By Rev. Richard Lawrence
1968 came back to me when I stood with Martin Luther King, III, at the Border on August 28 and listened to folks on the other side of the Border holler in pure delight that the day had finally come when a black leader stood tall in the fight for a just immigration policy.
King, III, took us back to his father’s “I Have a Dream Speech” fifty-five years ago and reminded us that there’s no room for leaders who separate children from their parents in the world his father envisioned. No. Dr. King wanted to build bridges, not barriers, to freedom.
It wasn’t a long march we made at the Border that day, but it boiled over with the promise that there’s a common agenda that binds the black and the brown communities in their fight for justice.
I could forget for a while the sights on the streets of Chicago when Richard J. Daley slipped and called the response by his police force to demonstrators as the Democratic Convention “a police riot,” and then went on in a very Trump-like fashion to tell the press that they knew what he meant and wanted to know why they did not print that.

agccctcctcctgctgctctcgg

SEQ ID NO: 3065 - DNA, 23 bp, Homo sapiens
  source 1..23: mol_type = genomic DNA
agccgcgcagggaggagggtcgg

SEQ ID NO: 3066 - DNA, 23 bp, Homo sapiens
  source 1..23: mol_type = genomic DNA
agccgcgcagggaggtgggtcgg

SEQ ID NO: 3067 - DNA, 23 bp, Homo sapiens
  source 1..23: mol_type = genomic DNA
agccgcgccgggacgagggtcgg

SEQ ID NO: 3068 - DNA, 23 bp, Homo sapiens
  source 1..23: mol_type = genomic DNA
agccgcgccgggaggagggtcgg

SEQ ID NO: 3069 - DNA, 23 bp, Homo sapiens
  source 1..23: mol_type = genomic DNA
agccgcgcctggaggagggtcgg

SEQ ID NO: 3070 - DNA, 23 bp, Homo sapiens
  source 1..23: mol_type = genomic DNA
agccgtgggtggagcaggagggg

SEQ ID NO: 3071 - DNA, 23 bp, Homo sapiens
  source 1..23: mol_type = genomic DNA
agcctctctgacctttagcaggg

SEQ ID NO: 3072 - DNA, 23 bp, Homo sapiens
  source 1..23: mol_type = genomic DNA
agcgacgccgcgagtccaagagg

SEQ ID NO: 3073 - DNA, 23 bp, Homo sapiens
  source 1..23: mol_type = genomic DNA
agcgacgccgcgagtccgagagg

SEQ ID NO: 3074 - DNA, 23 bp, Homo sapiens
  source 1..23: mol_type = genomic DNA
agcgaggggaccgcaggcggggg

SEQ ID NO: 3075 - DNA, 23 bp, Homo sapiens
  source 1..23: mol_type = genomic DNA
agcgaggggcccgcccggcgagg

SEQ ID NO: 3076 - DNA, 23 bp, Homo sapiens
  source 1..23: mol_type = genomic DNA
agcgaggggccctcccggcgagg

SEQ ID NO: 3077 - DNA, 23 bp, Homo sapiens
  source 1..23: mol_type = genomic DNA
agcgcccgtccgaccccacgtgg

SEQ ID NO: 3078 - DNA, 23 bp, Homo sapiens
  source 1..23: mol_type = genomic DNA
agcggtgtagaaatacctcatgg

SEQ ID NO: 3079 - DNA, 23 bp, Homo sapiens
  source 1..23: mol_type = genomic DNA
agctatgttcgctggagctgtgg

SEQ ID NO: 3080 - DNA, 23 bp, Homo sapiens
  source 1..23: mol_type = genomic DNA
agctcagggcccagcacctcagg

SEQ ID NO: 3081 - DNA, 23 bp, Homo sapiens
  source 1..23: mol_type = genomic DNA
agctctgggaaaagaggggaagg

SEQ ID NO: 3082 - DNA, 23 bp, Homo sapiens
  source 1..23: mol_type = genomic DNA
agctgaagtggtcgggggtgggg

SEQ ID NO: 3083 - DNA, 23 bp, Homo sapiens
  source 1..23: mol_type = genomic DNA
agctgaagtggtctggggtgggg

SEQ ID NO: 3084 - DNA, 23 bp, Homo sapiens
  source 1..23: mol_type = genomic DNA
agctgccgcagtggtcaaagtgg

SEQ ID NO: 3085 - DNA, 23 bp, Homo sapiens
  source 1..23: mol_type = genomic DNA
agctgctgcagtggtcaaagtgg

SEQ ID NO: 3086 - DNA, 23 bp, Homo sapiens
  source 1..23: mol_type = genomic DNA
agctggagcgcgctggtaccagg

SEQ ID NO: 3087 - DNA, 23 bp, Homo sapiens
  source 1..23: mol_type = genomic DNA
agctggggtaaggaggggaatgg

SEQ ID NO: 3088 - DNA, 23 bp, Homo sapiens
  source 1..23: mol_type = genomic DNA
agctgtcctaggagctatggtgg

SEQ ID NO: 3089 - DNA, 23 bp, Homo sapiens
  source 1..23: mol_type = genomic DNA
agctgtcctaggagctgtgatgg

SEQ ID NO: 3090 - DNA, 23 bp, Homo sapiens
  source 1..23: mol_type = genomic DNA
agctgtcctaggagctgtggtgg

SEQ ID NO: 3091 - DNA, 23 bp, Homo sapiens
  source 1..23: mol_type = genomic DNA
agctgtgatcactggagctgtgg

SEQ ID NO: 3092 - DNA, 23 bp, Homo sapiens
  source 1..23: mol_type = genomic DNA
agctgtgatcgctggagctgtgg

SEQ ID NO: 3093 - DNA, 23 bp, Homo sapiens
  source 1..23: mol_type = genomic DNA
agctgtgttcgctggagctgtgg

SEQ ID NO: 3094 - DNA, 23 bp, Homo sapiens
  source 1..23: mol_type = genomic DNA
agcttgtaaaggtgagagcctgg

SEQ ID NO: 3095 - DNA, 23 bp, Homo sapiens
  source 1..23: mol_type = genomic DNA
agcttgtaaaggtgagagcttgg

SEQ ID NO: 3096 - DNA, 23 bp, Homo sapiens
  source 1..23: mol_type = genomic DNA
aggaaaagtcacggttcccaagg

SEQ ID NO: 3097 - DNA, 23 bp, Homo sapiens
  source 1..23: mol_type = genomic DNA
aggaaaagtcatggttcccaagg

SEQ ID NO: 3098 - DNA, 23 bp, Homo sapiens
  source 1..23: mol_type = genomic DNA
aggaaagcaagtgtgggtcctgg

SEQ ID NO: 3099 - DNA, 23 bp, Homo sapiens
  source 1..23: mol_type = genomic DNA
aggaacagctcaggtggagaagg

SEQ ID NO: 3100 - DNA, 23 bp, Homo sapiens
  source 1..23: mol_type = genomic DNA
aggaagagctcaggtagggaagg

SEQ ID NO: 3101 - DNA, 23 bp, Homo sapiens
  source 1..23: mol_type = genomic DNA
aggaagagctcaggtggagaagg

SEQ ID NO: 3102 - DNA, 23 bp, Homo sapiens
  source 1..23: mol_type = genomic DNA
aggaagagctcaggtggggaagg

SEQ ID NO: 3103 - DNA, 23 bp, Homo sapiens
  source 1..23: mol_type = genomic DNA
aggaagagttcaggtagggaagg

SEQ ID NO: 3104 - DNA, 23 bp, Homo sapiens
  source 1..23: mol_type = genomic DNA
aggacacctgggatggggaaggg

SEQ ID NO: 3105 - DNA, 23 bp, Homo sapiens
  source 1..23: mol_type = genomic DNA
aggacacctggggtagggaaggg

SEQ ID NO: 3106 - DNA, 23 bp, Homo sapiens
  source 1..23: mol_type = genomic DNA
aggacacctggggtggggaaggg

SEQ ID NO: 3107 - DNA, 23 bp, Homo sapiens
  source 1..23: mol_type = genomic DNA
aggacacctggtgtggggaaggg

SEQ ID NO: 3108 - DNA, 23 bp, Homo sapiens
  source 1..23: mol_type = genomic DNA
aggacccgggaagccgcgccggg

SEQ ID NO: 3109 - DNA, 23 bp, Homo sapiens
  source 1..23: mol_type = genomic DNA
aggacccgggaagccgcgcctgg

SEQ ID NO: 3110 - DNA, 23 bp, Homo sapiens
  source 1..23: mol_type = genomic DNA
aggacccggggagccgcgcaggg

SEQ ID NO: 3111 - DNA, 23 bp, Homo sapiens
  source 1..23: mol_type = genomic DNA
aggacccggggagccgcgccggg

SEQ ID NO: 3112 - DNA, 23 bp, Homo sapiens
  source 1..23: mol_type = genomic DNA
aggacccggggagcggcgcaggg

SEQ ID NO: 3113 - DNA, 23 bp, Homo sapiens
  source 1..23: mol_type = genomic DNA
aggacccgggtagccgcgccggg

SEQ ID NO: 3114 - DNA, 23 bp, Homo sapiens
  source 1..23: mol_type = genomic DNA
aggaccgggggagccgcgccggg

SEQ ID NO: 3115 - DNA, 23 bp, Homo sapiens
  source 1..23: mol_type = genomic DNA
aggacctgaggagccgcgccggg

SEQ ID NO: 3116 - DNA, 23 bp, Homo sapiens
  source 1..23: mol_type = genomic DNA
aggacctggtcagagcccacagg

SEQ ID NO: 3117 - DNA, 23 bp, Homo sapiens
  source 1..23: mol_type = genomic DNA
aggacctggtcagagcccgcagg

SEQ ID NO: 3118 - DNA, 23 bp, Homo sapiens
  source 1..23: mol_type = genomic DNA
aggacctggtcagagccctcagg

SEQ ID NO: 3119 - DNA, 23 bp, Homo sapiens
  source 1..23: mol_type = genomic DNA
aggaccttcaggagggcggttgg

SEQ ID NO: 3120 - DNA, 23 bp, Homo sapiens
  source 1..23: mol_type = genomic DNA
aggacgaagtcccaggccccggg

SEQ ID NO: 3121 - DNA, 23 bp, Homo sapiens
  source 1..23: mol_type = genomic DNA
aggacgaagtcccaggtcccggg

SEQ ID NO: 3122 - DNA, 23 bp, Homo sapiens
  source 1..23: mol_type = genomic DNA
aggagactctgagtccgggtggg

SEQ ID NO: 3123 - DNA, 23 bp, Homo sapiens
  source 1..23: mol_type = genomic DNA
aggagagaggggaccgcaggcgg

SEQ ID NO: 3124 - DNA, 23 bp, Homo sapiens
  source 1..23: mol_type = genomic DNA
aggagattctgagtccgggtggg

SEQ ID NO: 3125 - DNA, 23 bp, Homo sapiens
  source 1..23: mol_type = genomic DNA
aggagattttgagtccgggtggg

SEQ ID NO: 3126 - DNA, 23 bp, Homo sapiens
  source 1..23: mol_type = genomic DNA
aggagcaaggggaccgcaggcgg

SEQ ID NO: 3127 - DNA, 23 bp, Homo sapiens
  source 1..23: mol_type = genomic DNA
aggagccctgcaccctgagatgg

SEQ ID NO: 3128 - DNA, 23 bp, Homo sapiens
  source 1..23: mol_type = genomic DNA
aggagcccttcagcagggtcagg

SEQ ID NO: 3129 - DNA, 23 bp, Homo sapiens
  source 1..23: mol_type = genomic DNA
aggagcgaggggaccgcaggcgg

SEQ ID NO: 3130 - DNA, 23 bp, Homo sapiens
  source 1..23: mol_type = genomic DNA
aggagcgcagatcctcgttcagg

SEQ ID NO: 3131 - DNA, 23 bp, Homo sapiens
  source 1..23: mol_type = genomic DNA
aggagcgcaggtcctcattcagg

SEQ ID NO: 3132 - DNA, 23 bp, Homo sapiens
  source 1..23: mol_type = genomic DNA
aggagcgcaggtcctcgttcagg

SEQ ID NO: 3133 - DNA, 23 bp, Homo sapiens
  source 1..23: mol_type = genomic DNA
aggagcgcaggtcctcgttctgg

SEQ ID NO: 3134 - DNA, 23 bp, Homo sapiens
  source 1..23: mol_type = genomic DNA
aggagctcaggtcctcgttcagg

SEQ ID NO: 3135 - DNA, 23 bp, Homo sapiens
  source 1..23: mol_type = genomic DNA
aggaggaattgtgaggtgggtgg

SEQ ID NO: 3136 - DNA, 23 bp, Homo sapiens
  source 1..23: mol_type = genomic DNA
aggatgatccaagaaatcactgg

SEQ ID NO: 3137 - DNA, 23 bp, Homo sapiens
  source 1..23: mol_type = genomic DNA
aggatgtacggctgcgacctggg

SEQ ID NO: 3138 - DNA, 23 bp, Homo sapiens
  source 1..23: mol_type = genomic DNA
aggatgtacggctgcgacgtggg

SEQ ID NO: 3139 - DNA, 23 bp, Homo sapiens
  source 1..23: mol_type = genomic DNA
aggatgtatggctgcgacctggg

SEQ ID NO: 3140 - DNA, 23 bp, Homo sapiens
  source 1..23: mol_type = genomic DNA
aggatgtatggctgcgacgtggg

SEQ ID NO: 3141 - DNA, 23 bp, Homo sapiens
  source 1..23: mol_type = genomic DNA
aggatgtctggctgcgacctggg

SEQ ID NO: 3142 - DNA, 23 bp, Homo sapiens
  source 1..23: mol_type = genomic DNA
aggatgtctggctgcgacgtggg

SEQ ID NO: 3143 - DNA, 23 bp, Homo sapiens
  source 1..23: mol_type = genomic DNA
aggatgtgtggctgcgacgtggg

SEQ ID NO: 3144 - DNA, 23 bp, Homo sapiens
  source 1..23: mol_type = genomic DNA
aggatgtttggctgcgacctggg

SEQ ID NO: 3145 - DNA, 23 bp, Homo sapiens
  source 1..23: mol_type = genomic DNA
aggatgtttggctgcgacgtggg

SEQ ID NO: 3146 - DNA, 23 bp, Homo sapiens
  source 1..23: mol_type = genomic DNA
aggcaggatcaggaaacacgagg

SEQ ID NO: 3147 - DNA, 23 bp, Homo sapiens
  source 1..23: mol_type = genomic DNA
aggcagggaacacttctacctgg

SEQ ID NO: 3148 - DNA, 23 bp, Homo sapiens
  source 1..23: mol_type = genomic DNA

1968 was a very good year. The lovers of freedom were in the streets and left a legacy that lived on at the Border with Martin Luther King, III: if we want freedom, we better be ready to fight for it because no one is going to give it up without a fight.
Rev. Richard Lawrence is a retired civil rights leader and an affordable housing advocate. His list of honors includes the San Diego Housing Federation’s “Lifetime Achievement Award” and a San Diego City Council declaration making November 10, 2013 “Richard Lawrence Day.” He is the author of “Light, Bright, Damn Near White: Stories and Reflections of a Multi-Racial Black Man’s Battles with Racism in America.”